Police probe after 12 dead bats found in St Andrews

A pipistrelle bat Pipistrelle bats are protected by law

Related Stories

A police investigation has been launched after 12 bats were found dead in St Andrews.

The bodies of the pipistrelle bats were discovered at the foot of a tree on the Eden Estuary, at Guardbridge, near the former Guardbridge Paper Mill.

A post-mortem examination has revealed that they suffered "significant trauma" at the time of their deaths.

Police have appealed for information to discover how the bats died.

It is thought they were killed on or around Friday 28 June.

PC Susan Martin, of Police Scotland, said: "We can confirm that, following a post-mortem examination at a laboratory in Cumbria, we now know that the animals had some significant trauma at the time of their deaths."

Open mind

She added: "We do not know if people have discovered the bat roost and interfered with it or if someone in the area has found them in their home and decided to dispose of them.

Start Quote

If a mother bat is killed, then their baby will die too as a baby bat depends on its mother for milk”

End Quote Pete Charleston Bat Conservation Trust

"We have an open mind to any scenario."

The police are being assisted in the probe by the divisional wildlife crime co-ordinator, Scottish Natural Heritage and the Bat Conservation Trust.

Pete Charleston, investigations officer for Bat Conservation Trust, said: "Bat roosts are incredibly important sites for conservation. At this time of year bats are at their most sensitive, mother bats will be raising their young in maternity roosts.

"If a mother bat is killed, then their baby will die too as a baby bat depends on its mother for milk. It is very important for bat conservation that bat roosts are not disturbed."

All bats and their roosts are protected by law.

Is an offence to intentionally or deliberately kill, injure or capture a bat, deliberately disturb a bat (whether in a roost or not), damage or destroy or obstruct access to a bat roost.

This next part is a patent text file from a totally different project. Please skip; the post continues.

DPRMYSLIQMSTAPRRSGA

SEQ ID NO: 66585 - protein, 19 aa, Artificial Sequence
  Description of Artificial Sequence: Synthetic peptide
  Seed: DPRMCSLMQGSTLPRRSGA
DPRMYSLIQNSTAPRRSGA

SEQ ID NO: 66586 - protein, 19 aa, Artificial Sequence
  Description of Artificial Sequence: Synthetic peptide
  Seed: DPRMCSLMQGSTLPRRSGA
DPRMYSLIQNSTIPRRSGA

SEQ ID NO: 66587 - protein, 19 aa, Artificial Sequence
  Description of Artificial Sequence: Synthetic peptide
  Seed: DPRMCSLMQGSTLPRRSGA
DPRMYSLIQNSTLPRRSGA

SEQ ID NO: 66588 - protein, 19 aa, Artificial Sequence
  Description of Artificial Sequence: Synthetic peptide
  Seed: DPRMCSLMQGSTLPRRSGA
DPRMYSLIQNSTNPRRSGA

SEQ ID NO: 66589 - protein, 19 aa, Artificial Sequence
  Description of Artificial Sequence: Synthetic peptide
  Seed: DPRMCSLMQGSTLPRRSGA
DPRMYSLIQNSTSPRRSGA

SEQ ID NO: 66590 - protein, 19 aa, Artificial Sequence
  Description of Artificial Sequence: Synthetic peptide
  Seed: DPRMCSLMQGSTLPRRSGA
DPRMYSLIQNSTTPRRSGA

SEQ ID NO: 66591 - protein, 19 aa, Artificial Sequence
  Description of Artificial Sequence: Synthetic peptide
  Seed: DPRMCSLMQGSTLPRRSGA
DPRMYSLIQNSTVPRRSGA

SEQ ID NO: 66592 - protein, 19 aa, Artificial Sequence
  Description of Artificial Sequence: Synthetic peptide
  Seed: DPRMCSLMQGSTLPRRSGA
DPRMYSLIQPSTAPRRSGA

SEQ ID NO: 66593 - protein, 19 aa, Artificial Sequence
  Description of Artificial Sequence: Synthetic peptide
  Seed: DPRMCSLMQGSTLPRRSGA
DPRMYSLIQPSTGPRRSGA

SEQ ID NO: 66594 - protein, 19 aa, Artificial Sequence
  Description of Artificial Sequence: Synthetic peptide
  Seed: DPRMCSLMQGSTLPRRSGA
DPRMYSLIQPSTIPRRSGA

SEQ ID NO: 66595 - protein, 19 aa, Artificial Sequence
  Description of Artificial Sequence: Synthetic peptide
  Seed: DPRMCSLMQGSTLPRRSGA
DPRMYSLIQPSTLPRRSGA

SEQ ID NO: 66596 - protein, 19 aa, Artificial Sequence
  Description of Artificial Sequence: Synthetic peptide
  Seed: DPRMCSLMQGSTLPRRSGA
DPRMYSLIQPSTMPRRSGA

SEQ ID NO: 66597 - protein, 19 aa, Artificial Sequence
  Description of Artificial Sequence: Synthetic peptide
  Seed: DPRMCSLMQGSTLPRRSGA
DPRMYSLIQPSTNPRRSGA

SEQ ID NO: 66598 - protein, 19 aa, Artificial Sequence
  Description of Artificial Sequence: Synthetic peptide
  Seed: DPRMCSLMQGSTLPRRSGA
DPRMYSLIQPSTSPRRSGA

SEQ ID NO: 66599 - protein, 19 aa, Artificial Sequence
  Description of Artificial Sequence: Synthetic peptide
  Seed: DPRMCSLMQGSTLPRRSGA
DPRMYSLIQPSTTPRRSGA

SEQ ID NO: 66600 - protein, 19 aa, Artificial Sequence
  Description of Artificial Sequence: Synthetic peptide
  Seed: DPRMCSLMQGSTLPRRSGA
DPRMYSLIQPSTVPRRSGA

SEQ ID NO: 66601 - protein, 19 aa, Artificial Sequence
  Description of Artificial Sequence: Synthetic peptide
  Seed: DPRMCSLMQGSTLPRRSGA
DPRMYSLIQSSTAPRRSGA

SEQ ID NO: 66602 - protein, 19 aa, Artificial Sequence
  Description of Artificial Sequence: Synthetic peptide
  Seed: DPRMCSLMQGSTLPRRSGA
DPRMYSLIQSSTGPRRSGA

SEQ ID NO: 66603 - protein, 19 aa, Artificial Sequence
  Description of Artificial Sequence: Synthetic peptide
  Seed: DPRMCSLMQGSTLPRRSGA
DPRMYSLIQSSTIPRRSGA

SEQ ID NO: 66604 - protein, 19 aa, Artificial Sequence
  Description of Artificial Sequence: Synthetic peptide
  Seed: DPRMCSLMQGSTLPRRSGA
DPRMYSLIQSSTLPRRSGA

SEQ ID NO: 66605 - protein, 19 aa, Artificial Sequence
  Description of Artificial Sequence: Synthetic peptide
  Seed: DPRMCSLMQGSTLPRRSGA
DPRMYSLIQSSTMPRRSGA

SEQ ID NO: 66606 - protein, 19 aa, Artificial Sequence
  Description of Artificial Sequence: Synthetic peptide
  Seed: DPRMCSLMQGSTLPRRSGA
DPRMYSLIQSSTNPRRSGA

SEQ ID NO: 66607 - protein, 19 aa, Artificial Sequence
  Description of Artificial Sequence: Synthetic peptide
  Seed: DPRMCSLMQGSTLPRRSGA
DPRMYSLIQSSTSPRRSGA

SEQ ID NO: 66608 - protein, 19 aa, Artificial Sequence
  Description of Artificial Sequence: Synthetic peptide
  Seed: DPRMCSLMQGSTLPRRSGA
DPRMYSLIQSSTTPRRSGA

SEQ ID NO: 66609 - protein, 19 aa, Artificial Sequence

It is also a legal requirement to consult Scottish Natural Heritage before anything is done that might affect bats or their roosts.

More on This Story

Related Stories

The BBC is not responsible for the content of external Internet sites

BBC Edinburgh, Fife and East



15 °C 9 °C


  • Baby being handed overFraught world

    The legal confusion over UK surrogate births

  • Bad resultsBlame game

    The best excuses to use when exam results don't make the grade

  • Welsh flagDragon's den

    Why Wales will make its own mind up on independence

  • Police respond to a shooting in Santa MonicaTrigger decision

    What really happens before a police officer fires his gun?

  • Child injured by what activists say were two air strikes in the north-eastern Damascus suburb of Douma (3 August 2014)'No-one cares'

    Hope fades for Syrians one year after chemical attack

BBC © 2014 The BBC is not responsible for the content of external sites. Read more.

This page is best viewed in an up-to-date web browser with style sheets (CSS) enabled. While you will be able to view the content of this page in your current browser, you will not be able to get the full visual experience. Please consider upgrading your browser software or enabling style sheets (CSS) if you are able to do so.